This is one of my favourite albums of all time, but I somehow lost the disc in high school, so I bought myself a new copy from HMV when I was in university so I could listen to it again.

9. “Storms”-Hedley (2011)

In my second year and first semester of university, when I was 19 years old, I was scared of flunking out. My grades slipped because I wasn’t taking school seriously enough, and I was also trying to cope with matters in my personal life. I kicked myself in the butt, worked as hard as I could to boost my marks and maintain them through university and graduated after all, but there were a few weeks where I was really scared of failing.

The whole album is about becoming stronger from the tough times in life, and it really helped me cope with my anxiety surrounding school at the time. As I did with Simple Plan’s sophomore album, I felt reassured that I wasn’t the only one who went through rough times but bounced back in one piece.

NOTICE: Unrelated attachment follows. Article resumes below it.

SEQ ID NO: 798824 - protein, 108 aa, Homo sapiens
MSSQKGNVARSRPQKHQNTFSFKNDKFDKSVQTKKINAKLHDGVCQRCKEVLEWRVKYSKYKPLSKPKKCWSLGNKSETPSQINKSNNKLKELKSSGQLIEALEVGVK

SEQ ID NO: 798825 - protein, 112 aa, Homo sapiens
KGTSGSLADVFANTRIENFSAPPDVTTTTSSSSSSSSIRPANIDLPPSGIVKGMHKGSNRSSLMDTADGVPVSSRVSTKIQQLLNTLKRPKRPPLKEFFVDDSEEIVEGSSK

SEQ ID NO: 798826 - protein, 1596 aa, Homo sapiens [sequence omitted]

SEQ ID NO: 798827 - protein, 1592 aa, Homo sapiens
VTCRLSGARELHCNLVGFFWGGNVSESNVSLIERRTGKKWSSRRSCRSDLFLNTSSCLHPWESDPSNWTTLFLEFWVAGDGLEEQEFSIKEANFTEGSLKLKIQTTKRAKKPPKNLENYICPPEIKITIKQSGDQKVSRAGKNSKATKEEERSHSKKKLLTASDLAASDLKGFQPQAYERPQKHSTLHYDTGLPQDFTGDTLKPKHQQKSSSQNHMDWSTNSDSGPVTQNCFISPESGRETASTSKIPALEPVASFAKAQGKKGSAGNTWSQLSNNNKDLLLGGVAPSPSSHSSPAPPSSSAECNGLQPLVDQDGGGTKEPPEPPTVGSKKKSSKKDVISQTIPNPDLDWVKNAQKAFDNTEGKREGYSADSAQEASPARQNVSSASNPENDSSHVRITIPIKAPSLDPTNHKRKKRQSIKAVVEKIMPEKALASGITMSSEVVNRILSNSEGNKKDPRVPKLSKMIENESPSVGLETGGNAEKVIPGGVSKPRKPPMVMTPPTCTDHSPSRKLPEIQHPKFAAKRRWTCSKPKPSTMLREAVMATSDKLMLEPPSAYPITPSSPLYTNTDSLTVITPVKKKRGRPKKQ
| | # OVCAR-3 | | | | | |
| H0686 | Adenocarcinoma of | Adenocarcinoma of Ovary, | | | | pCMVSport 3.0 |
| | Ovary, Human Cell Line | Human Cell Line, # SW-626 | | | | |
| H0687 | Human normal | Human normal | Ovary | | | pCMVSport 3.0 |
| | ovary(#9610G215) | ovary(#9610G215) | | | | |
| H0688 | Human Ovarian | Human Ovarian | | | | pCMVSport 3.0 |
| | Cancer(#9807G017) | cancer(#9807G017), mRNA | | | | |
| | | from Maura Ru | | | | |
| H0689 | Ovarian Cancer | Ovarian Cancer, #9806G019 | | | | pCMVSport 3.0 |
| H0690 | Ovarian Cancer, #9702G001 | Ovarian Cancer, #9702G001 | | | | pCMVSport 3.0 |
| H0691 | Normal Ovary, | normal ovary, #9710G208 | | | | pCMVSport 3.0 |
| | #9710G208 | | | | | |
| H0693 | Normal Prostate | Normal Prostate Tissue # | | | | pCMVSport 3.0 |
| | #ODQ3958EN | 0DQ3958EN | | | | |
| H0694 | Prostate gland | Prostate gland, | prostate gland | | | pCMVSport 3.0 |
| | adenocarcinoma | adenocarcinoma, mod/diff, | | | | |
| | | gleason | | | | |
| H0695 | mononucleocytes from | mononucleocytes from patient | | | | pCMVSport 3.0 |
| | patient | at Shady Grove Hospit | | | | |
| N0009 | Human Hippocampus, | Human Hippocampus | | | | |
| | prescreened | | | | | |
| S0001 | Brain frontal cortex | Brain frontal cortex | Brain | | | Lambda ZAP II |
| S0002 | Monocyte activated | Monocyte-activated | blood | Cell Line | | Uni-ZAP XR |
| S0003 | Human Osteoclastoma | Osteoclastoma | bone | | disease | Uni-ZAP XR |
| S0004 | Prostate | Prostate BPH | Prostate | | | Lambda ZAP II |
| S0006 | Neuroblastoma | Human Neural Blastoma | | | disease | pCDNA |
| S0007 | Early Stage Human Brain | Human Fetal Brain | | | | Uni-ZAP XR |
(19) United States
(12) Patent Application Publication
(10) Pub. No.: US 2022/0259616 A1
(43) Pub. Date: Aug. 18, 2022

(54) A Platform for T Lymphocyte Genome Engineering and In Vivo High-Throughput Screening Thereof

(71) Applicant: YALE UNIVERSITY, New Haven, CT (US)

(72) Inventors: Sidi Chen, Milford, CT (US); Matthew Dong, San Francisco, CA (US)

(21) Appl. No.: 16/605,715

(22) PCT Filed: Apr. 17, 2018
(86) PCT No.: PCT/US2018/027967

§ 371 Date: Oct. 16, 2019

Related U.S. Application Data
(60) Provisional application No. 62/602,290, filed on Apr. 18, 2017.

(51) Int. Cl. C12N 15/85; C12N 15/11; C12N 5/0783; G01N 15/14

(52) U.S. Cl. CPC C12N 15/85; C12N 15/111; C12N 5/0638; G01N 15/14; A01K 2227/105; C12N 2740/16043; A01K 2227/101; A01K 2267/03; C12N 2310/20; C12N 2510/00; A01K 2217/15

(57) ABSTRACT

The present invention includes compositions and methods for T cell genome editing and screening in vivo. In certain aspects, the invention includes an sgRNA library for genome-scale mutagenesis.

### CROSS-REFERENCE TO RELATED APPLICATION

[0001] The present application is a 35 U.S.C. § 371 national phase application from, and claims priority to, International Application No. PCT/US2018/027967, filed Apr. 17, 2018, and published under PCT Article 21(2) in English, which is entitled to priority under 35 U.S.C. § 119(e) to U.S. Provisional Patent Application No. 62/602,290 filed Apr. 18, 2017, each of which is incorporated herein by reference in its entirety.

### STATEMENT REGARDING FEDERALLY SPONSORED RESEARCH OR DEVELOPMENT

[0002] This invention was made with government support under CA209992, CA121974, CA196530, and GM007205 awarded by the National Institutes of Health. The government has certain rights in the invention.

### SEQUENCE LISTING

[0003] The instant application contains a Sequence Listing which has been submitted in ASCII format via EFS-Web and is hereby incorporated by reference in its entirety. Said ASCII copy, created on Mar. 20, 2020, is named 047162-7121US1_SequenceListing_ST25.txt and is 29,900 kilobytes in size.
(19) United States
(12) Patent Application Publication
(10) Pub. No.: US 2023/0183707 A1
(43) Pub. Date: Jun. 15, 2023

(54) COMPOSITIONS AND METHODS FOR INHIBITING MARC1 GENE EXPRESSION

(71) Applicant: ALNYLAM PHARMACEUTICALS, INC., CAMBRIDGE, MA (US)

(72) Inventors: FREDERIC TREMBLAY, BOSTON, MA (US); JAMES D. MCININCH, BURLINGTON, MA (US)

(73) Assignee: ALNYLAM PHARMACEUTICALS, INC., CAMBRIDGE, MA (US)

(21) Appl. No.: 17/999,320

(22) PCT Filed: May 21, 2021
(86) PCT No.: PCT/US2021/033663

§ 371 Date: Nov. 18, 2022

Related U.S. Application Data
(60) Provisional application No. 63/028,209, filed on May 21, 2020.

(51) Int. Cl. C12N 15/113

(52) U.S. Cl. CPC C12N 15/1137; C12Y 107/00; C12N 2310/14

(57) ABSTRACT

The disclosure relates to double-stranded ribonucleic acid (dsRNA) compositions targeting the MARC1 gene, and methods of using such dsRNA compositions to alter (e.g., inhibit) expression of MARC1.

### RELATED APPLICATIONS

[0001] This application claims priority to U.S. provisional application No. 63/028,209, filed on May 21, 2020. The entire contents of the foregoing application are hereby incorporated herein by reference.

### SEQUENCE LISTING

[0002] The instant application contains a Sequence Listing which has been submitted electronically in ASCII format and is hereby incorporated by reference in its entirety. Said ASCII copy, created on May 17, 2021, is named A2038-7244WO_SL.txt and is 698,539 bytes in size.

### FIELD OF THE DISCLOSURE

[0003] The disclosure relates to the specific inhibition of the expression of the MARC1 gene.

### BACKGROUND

10. “Flyleaf”- Flyleaf (2005) 

First of all, I would like to say it was really tough picking out the last album. I gave it to Flyleaf’s debut album because I admire Lacey Sturm for who she is as a person. I’m inspired by her because she had such a tough life, but was able to become a musician, a wife, and a parent after recovering through faith. It was always an inspirational album to listen to and feel spiritual.

How did I find out about this group? The Rock Band video game that was the craze of the late 2000s. I loved “I’m So Sick” and I wanted to hear more from Flyleaf, and I’m glad my curiosity got in the way.

Honourable mentions include “From Under the Cork Tree” by Fall Out Boy, “We Started Nothing” by The Ting Tings, “Boys Like Girls” by Boys Like Girls, “Fearless” and “Speak Now” by Taylor Swift and “RIOT!” and “Brand New Eyes” by Paramore.

All images found on CD Universe

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Freelance writer fuelled on caffeine.